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Alright so you can already tell what this is about from the title, however, I don’t have much knowledge on ev cars. I want to build a racing car, but I don’t know what motors I should use, and which would be the cheapest. I want the car to at least 0-60 MpH in less than 3 seconds. I also want to know if a electric motor can be modded to produce more power/horsepower like a regular engine can
 

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Welcome to the forum :)

Can you tell us what sort of racing you will be undertaking and your budget for parts? Please also add your location to your profile (it helps us give relevant advice) :cool:
I'm located in MA right now. I plan to use the car for circuit racing and drag racing. I hope to keep the budget under 15k, but if it is necessary I will go over
 

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Hi
You need to find out the regs for your type of racing and also things like expected speeds, distances and so on

As far as increasing the power out of electric motors is concerned - yes - the key component is the controller

I am using a "10 Kw" forklift motor in my car - which is 208 amps and 48 volts
But I'm feeding it 1200 amps and 340 volts

There are a number of different race and road/race cars on this forum but a car designed for short twisty events looks different from something designed for high speed events

And (at the moment) long distance racing is not feasible for an EV
 

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Discussion Starter #5
Hi
You need to find out the regs for your type of racing and also things like expected speeds, distances and so on

As far as increasing the power out of electric motors is concerned - yes - the key component is the controller

I am using a "10 Kw" forklift motor in my car - which is 208 amps and 48 volts
But I'm feeding it 1200 amps and 340 volts

There are a number of different race and road/race cars on this forum but a car designed for short twisty events looks different from something designed for high speed events

And (at the moment) long distance racing is not feasible for an EV
So a controller is what increased the motors power? If I have a motor that produces 10 HP will a stronger controller allow it to go above that?
 

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Hi Thorb4ndit,

Welcome and I hope you achieve your goals. I hope you are being realistic. $15k is not a big budget. Yes it is possible to build something for that money but it would only be a bit of fun you would not be at the top of the leader board. But if fun is your goal then go for it.

Without a controller between the battery and the motor (assuming DC motor) the motor will draw it's maximum current at the full voltage available from the battery. This would almost certainly blow the motor. Something like the windings would melt, arc, weld etc.

A DC controller "throttles" the power from the battery to the motor based on some input (usually a pedal). Each controller will have an upper limit eg mine is 175v 1000amps. So installing a bigger controller can give more power from the motor. But every motor has limits too. When talking about racing EVs it is tricky because the ratings on motors is always in terms of what they can handle continuously. The upper limit is a fine line. You can keep pushing more through the motor and all will be fine until suddenly you push too much through it and bang. volts and amps are not the only variables that figure in the calculation. Heat and duration are key variables too. Melting, arcing and welding are more likely as the motor heats up and a motor heats up as it performs hard for longer periods.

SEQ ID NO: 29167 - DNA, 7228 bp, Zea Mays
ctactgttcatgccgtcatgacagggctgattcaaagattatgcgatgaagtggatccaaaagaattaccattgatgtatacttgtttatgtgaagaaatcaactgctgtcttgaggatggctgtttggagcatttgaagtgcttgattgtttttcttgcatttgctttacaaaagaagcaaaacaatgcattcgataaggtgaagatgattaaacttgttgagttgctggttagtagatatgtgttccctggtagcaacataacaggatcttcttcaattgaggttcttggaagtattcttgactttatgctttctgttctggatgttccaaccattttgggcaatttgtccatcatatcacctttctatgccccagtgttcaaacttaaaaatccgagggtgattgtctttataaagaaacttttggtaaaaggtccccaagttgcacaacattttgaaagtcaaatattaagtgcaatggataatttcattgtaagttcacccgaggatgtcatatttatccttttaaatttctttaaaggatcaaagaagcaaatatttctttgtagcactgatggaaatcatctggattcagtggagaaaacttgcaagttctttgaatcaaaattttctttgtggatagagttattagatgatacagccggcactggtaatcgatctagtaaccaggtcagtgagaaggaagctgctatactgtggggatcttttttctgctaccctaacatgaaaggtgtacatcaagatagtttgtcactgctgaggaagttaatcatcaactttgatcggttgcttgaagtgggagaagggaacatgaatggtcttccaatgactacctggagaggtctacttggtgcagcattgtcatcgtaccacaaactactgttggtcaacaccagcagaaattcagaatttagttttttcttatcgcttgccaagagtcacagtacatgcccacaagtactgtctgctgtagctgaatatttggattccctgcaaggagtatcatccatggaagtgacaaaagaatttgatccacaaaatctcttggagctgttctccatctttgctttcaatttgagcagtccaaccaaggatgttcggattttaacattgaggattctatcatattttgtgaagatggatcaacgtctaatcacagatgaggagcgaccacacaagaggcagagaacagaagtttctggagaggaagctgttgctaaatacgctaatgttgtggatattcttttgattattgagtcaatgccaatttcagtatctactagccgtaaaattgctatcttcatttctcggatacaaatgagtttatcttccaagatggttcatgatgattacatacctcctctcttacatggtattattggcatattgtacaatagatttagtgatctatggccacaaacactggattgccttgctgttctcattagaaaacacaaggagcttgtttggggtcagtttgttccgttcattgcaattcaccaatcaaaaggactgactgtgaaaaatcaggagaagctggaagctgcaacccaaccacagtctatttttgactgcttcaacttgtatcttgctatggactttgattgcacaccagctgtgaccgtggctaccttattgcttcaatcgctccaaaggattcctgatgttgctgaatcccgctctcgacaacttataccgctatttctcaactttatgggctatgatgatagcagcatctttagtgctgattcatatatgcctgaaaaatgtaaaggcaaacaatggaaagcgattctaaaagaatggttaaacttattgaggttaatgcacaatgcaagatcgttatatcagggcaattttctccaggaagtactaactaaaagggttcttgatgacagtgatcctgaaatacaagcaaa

A motor rated at 144v 600amps can handle that continuously. The same motor might handle 170v and 1000amps for short bursts of 1 minute or so at normal temperatures. The same motor might handle 200v and 1500amps for a few seconds.

I agree with the previous post, you need to list out your specific performance targets as well as the base for your plan.
What maximum speed?
Acceleration? (already answered 0-60 sub 3 seconds)
What style of chassis/vehicle?
What target weight?
What range under heavy acceleration?

Once you decide on these targets we can advise on suitable component options and whether it is likely to fit under your budget.

If you only aim for 60mph then you might be able to achieve something for $15k (dependant on a lot of other factors).
But when you start talking about sprints and drags I doubt you will be satisfied with a top speed of 60mph.
You will need a light weight vehicle regardless. To get awesome acceleration you will need a system that can handle high current (more than 1000amps for your 4 second target) To get higher speeds you will also need high voltage. This combination of constraints usually means a big battery pack (Like in the Teslas). But the side effect of that approach is the increase to the vehicle weight. There may be other approaches like having two packs which switch from Parrallel to series part way through acceleration. But this would be a tircky and potentially dangerous approach which I would not recommend to anyone other than an electrical engineer.
 

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Discussion Starter #7
The car is a replica Porsche 917. It uses an aluminium space frame chassis. The car weighs around 1,800LBS(It's a race car). I don't care much for the range as long as it is not too low. I want this EV to be AWD, and I want to use three motors to achieve this; Two in the back and One in the front. I want a maximum speed of something over 100.
 

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Hi Thorb4ndit,

Welcome and I hope you achieve your goals. I hope you are being realistic. $15k is not a big budget. Yes it is possible to build something for that money but it would only be a bit of fun you would not be at the top of the leader board. But if fun is your goal then go for it.

Without a controller between the battery and the motor (assuming DC motor) the motor will draw it's maximum current at the full voltage available from the battery. This would almost certainly blow the motor. Something like the windings would melt, arc, weld etc.